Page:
NorthTec’s Māori Enterprise papers, which launched in 2021, enter their second year on offer at the Tai Tokerau based polytechnic and are changing the way students learn with a manaakitanga approach to learning.
“What I really liked is that the delivery was Māori centered, by a Māori person, talking about Māori philosophies and working together as a whānau for everyone to move forward,” says Tāniora Maxwell, a graduate of the Graduate Diploma in Māori Enterprise. “It’s not a focus on individual gain. It’s a difference in philosophy.”
The Māori Enterprise papers, which make up the bulk of a Graduate Diploma in Māori Enterprise, can also be taken as part of the Māori Enterprise major for a Bachelor of Applied Management. They can also be taken as individual papers to supplement prior learning experience, or as professional development for people in the industry.
“It’s not just for Māori. Anyone with an interest in Māori Enterprise can benefit from these courses. We had two non-Māori in my cohort,” Tāniora explains. “It’s based around the wānanga style of learning, which really worked for me and is very inclusive for all. The whole focus is on the cohort moving forward together and supporting each other through the learning journey.”
The papers focus on areas such as Kaitiakitanga (guardianship), Governance in Aotearoa, Mātauranga Māori (traditional Māori knowledge), and Māori Enterprise and apply a Māori world view to the business industry. They are aimed at tangata whenua who are or want to be in business, as well as aspiring and current business owners who are interested in Māori enterprise and aren’t of Māori descent.
“The learning environment is very different from your average tertiary classroom,” says Tāniora. “We are encouraged to talk, to share our opinions and then challenge those ideas. We have noho marae (overnight marae stay) and learn in a group setting.”
Mātauranga Māori reframes how people design and carry out business models. These papers focus on how aspects of Mātauranga Māori can help design principle-based solutions throughout the business world especially in regard to businesses environmental and social obligations.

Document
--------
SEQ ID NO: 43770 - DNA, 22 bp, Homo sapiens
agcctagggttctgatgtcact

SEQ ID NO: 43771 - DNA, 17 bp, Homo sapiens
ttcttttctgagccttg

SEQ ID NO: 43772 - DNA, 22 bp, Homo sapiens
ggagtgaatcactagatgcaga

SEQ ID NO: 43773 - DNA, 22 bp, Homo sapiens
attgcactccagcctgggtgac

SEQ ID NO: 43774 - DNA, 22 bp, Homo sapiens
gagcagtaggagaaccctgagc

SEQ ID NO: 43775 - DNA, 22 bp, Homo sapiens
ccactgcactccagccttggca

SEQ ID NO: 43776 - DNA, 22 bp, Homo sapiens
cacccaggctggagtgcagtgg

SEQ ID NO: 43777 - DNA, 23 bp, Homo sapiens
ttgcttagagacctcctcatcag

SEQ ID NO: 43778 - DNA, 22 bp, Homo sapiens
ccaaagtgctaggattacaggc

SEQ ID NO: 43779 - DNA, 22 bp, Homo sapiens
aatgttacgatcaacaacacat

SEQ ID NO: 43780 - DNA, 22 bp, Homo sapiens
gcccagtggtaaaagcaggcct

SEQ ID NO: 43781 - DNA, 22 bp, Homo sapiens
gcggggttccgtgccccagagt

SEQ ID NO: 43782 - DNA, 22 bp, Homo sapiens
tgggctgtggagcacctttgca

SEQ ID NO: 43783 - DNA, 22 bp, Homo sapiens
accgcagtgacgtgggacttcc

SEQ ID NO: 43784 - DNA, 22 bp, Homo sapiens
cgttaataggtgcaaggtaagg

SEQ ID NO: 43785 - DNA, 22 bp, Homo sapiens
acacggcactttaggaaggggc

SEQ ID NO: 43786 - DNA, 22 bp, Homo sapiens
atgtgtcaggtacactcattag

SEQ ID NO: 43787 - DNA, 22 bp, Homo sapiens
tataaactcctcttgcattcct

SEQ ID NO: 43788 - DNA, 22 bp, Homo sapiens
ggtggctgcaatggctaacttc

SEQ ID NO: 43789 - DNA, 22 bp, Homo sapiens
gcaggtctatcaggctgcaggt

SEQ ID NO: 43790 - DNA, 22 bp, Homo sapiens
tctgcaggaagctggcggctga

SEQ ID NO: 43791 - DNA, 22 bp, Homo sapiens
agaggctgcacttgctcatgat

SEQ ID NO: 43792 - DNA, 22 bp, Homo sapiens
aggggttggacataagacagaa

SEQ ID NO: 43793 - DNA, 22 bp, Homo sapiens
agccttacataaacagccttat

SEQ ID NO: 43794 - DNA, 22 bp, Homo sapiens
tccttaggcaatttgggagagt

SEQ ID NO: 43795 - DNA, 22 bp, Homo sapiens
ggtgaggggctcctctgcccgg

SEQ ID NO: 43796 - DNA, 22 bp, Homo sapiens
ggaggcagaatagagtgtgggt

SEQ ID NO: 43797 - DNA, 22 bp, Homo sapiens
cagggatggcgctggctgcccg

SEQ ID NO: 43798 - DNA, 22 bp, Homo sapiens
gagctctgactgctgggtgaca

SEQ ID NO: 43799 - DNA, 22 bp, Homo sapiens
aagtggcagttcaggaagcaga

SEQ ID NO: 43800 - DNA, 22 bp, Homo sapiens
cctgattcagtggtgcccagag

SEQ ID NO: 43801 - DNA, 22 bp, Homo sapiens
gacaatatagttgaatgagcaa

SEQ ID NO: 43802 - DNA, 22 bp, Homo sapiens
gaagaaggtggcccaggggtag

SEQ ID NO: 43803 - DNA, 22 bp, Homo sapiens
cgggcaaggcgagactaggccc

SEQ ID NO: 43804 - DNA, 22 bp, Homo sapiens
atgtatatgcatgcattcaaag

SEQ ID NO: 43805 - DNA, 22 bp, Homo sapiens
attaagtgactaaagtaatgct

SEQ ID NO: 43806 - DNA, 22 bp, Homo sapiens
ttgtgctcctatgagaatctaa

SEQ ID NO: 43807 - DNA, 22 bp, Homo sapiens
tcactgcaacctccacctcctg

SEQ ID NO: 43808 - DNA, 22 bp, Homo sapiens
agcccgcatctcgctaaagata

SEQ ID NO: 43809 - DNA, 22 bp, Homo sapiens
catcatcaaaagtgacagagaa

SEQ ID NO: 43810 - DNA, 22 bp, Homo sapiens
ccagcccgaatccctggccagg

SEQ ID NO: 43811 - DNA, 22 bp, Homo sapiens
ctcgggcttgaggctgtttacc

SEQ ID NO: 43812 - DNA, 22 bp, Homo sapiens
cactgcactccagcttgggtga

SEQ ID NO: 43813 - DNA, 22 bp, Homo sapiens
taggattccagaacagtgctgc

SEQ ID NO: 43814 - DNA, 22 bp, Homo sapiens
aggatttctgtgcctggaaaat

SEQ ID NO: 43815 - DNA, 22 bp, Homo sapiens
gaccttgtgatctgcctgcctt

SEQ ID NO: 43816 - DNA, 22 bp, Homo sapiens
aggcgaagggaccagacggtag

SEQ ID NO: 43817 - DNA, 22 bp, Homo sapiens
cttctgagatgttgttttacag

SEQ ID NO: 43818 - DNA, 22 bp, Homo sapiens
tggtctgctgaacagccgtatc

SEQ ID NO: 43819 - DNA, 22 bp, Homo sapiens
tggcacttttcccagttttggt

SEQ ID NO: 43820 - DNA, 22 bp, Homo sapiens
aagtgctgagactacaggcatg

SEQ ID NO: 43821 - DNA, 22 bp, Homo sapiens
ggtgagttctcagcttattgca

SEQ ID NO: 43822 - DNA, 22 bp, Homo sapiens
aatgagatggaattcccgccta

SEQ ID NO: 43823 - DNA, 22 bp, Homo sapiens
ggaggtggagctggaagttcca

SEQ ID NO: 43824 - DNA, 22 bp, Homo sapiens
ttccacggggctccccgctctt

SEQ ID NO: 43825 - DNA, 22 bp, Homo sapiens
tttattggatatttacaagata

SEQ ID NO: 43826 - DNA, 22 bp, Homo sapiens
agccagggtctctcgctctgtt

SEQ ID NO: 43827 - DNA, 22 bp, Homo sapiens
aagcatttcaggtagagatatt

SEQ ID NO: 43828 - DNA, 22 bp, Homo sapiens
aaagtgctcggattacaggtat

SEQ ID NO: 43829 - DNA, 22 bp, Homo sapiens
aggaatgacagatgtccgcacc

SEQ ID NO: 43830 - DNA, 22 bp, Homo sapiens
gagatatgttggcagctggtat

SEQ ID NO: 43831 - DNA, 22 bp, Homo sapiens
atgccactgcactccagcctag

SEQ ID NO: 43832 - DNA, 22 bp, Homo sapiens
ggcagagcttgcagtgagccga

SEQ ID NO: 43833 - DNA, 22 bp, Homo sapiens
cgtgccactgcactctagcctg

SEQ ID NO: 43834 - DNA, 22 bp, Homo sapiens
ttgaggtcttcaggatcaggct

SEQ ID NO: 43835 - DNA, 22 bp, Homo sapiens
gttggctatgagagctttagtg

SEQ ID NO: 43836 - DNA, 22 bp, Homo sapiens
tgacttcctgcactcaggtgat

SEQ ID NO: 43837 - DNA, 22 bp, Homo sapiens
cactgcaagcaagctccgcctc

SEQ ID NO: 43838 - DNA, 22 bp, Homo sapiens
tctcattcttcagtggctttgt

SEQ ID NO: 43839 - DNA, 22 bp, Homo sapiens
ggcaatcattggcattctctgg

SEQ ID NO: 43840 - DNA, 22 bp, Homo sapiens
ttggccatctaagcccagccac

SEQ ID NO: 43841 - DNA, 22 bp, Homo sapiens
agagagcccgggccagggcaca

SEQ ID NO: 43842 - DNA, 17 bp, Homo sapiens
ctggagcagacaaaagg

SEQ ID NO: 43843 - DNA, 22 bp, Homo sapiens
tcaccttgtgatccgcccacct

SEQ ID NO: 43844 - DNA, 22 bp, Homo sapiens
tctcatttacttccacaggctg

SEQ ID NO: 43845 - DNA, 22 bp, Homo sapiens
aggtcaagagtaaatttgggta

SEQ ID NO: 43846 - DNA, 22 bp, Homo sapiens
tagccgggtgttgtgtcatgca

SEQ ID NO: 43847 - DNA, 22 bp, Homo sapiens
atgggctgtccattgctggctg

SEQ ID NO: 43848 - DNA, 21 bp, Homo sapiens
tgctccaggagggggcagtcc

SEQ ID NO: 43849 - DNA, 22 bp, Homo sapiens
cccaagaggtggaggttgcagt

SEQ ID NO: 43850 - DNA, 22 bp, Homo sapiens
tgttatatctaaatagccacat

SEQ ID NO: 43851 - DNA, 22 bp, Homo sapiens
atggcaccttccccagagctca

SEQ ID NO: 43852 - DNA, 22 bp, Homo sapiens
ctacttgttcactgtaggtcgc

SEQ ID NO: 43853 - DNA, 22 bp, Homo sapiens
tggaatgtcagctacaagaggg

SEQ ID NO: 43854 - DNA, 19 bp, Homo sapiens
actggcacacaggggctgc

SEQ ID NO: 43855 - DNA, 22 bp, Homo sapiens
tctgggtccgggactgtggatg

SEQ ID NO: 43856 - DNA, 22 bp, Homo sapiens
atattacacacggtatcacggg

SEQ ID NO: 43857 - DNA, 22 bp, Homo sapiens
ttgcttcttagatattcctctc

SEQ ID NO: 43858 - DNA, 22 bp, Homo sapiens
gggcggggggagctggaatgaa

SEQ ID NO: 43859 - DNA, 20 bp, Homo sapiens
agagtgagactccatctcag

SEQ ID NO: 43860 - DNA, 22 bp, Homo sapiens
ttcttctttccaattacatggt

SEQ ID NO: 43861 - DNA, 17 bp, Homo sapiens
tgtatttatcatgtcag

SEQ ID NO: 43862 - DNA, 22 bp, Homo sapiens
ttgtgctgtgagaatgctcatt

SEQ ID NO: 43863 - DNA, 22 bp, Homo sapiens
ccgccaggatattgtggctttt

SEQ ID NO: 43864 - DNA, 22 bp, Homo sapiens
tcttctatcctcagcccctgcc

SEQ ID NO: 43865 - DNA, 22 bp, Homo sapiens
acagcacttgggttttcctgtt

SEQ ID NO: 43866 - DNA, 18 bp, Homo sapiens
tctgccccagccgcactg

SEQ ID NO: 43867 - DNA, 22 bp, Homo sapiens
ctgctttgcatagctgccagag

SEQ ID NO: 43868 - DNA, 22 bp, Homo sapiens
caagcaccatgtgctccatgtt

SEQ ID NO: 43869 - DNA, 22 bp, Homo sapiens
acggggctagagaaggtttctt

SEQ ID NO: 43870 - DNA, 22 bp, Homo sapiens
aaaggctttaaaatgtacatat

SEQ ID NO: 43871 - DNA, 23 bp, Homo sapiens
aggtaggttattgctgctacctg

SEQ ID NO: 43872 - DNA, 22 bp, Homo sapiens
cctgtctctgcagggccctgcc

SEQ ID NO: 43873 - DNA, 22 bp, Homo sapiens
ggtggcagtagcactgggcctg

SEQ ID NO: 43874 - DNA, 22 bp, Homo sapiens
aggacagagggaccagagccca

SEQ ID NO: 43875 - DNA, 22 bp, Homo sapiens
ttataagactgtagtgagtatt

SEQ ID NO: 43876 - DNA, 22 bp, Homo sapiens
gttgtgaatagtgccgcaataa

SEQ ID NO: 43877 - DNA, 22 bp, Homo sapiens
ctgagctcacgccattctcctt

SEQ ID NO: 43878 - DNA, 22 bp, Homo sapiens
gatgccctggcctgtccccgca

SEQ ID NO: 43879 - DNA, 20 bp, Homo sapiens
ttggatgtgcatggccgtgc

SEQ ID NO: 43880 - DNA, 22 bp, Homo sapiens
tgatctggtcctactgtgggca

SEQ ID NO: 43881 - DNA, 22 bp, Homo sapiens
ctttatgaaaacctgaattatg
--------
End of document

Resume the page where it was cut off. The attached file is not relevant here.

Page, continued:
“We are pleased to have bought this specialism to fruition in 2021, and we continue to build this programme in 2022, making the most of incorporating Noho Marae at local Marae and utilising Wānanga korero, that allows all ākonga to share experiences and develop strategies reflecting kaupapa Māori,” says Lisette Buckle, NorthTec’s Pathway Manager for Business. “From undergraduate degree holders looking to demonstrate Māori Enterprise principles, to those who hold senior roles in organisations looking to reflect and incorporate Te Ao Māori into the values of their respective organisations, these specialisms meet the needs of a broad range of learners in our region.”
Tāniora himself is going on to do his PHD at The University of Auckland this year, focusing on repatriation of Taonga Māori. From there, Tāniora hopes to start his own business working in research and consultancy for Kaupapa Māori programmes and business.
Furthermore, Tāniora is known for having his hand in governance, he is currently on a Board and has previous experience in this role.
“If you have the right people on boards, you can guide a lot of change,” says Tāniora. “As iwi we can no longer sit by and let others determine what our path is going to be. We have to be active in our own education. We need to step up and move into those roles of leadership and governance. To move into that space, we need to upskill ourselves. This qualification gives you knowledge and the experience to apply that knowledge in real life settings.”